Crysis Tweak Guide
[Page 11] Advanced Tweaking (Pt.4)
Graphics Commands (Cont.)
e_shadows [0,1] - Turns all shadows on or off, and if disabled, can provide a large boost in FPS at the cost of realism.
e_shadows_cast_view_dist_ratio [value] - This setting controls the distance to which you can view shadows cast from most objects. The lower the setting, the less objects will cast shadows, which can improve performance at the cost of realism.
e_shadows_max_texture_size [value] - This setting allows you to set the resolution for the shadow maps in the game, with resolution values such as 256, 512, 1024 progressively providing sharper and more detailed shadows at the cost of a drop in FPS. If you want even better shadow quality, you can set higher values such as 2048 or 4096, but this will bring about a major drop in performance.
r_ShadowJittering [value] - This setting controls the way the edges of shadows 'jitter' in the game, effectively blurring and covering up jagged shadow edges. If set to 0, this makes shadow edges much crisper and can improve performance, but some shadows (such as your own) will appear more jagged; a value of 1 makes shadow edges more blurry.
r_ShadowsMaskResolution [0,1,2] - This setting effectively impacts on the general appearance of shadows, with values above 0 noticeably reducing the quality of more distant shadows, in return for higher FPS.
e_gsm_range [value] - In essence appears to control how dispersed shadow edges appear. Experiment with values to see what you prefer, but on my system anything other than 3 would result in an increase in blurriness as well as a drop in FPS. If you simply want to control the sharpness of shadow edges, you might prefer to use the r_ShadowJittering command instead.
e_gsm_lods_num [0-5] - Controls the number of shadow maps used, with the higher the value, the more detailed the number and type of shadows. A value of 0 removes all shadow maps, including those cast by fixed objects. Lowering or disabling this option can boost FPS noticeably, though it reduces realism as well.
General World Clarity and Detail
r_FSAA - There are three settings starting with r_FSAA which control Full Screen Anti-Aliasing (FSAA) in Crysis: r_FSAA controls whether Antialiasing is being used (= 1) or not (= 0); r_FSAA_samples determines the actual sample rate of Anti-Aliasing; r_FSAA_quality determines the quality mode, affecting the overall type of Anti-Aliasing used in conjunction with the sample rate. Ideally you should alter these settings using the in-game Anti-Aliasing Quality setting, since the sample rate and mode values differ depending on both the type of graphics hardware you're running, and whether you're using DX9 or DX10. To see the values implemented at various AA levels on your particular system, check the two FSAAProfiles.txt files found under your \Program Files\Electronic Arts\Crytek\Crysis\Game\Config directory for details. Note that this form of Antialiasing only works if Shaders Quality is High or above, and it is also incompatible with the r_UseEdgeAA command; only one or the other can be enabled.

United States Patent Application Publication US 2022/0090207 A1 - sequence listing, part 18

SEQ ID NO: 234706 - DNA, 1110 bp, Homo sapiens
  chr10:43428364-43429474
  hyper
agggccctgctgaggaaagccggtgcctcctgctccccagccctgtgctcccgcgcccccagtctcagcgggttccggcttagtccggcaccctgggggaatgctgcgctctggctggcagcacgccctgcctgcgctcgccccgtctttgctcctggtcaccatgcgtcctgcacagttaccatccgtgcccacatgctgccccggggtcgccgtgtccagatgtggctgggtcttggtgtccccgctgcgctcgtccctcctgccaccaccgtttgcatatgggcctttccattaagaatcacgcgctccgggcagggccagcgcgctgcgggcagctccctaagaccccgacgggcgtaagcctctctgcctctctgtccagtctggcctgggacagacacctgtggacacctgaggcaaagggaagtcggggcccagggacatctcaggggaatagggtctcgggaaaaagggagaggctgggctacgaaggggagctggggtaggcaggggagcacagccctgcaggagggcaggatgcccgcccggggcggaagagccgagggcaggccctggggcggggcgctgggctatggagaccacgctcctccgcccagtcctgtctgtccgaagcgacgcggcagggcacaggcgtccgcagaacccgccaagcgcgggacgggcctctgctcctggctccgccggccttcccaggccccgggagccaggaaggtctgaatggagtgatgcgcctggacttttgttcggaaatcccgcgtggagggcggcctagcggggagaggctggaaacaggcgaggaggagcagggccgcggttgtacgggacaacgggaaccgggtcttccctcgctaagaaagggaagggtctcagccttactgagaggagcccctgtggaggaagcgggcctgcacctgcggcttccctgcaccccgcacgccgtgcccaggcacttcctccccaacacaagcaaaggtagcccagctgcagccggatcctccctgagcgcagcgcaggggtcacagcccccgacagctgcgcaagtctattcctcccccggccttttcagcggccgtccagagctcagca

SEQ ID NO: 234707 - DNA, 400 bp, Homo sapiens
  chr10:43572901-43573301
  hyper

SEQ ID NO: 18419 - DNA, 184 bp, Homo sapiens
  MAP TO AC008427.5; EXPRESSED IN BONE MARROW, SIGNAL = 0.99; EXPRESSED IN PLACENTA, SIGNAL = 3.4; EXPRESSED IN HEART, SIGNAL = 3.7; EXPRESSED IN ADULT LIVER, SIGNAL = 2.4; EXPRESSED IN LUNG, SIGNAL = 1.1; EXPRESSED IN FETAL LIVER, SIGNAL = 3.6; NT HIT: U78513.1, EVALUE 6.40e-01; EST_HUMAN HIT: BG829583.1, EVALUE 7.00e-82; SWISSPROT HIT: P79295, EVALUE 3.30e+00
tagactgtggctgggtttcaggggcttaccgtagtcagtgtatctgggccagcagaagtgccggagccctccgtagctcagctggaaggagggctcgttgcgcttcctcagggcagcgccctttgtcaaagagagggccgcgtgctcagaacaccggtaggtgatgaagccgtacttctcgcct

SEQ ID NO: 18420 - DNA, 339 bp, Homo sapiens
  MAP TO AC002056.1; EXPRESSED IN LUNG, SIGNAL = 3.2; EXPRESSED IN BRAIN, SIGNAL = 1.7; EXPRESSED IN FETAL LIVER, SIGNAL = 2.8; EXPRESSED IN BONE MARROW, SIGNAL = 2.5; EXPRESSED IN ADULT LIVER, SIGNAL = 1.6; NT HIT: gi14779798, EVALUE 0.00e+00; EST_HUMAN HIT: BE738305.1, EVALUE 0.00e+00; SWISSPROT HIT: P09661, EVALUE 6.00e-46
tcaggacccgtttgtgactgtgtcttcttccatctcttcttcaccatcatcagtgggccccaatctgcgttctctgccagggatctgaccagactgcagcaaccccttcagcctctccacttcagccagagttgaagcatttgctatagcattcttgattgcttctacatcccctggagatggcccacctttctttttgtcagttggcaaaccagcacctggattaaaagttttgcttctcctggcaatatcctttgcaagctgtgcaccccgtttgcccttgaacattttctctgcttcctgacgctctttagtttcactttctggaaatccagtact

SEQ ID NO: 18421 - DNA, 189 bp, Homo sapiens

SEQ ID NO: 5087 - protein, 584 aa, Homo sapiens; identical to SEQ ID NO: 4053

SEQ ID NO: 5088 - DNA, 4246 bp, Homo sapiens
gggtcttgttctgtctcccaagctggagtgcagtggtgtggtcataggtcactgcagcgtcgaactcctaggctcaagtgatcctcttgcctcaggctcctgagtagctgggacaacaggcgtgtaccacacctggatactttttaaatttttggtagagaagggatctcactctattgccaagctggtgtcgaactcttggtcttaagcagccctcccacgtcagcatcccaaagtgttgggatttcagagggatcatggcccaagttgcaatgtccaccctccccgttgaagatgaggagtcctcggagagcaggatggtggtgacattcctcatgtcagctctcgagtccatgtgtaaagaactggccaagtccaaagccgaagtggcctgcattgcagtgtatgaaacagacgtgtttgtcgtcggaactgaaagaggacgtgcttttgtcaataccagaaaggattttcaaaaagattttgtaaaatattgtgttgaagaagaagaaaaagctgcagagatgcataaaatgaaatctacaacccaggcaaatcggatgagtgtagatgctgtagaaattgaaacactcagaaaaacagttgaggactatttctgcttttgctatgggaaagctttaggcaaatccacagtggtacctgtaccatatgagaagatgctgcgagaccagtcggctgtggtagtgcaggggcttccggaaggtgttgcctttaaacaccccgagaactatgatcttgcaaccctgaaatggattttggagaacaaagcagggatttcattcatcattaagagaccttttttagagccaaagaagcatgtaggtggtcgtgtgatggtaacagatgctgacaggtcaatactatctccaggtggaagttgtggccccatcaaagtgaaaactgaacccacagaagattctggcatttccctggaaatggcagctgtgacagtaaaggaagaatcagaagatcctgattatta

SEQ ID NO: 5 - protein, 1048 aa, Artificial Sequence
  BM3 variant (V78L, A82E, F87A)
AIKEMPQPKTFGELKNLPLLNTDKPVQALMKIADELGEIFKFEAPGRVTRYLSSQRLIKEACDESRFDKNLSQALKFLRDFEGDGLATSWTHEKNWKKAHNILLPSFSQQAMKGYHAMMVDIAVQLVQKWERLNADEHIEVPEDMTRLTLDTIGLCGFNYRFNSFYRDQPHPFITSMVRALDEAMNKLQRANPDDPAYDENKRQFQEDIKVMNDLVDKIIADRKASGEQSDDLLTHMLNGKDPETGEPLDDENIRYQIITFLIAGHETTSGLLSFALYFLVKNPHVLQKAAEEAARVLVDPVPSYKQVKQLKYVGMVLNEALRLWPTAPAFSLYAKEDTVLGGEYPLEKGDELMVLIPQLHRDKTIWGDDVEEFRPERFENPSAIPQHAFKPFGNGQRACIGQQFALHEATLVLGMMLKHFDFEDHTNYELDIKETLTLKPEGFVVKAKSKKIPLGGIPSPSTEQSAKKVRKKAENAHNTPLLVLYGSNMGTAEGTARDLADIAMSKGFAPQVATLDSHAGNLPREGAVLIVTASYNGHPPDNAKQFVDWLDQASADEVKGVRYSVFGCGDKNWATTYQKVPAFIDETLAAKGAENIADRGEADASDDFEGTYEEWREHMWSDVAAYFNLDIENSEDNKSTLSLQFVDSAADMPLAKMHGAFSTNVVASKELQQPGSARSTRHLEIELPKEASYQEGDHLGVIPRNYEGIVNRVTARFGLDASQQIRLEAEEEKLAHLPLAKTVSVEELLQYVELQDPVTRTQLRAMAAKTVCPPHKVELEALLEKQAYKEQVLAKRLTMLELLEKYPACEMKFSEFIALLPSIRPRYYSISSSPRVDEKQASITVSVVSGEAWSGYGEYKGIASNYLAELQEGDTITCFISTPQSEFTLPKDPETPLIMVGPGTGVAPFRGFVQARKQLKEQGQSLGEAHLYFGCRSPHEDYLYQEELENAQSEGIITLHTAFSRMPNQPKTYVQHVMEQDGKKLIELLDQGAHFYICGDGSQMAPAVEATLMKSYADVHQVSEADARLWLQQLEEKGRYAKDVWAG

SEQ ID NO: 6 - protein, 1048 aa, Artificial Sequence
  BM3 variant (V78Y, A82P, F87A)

r_UseEdgeAA [0,1,2] - This setting controls the level of edge blurring applied to reduce the impact of jagged edges in the game, particularly on foliage. A value of 1 applies some mild edge blurring, which can reduce the jaggedness and shimmering of the image, but will reduce FPS slightly; a value of 2 further blurs/thickens jagged edges for another potential drop in FPS. You can see an animated image quality comparison of it by clicking here: Crysis_EdgeAA.gif (530KB). Note this setting will only work if your Shaders Quality setting is on High or above, and can't work in conjunction with normal AA; Edge AA is automatically disabled when regular AA is enabled.
sys_flash_edgeaa [0,1] - This setting controls the use of edge anti-aliasing on any flash files used in the game. The most obvious impact of disabling this option is that it makes the HUD elements - such as your Health/Suit Energy indicators at the bottom right - more jagged. For the most part this shouldn't be disabled as the performance impact is not major.
r_TexMaxAnisotropy [1 - 16] - This setting controls the maximum amount of Anisotropic Filtering used on textures in the game. Higher sample rates will make distant textures clearer at the cost of some FPS. Note that it appears that enabling r_UsePOM=1 will cause problems with Anisotropic Filtering being applied properly.
d3d9_TextureFilter [nearest,linear,bilinear,trilinear] - This command controls the type of texture filtering used to make textures sharper. Trilinear is the default and provides the best quality, but you can gain performance at the cost of image quality by reducing it to bilinear, or even linear. Note that at nearest, the lowest value, there is noticeable color gradation and even the console text becomes blocky.
r_TexResolution [value] - This setting appears to control the resolution of textures used in the game. At 0 full resolution is used, and successively higher values reduce the resolution of textures in return for a reduction in memory usage and hence stuttering, as well as a potential increase in FPS.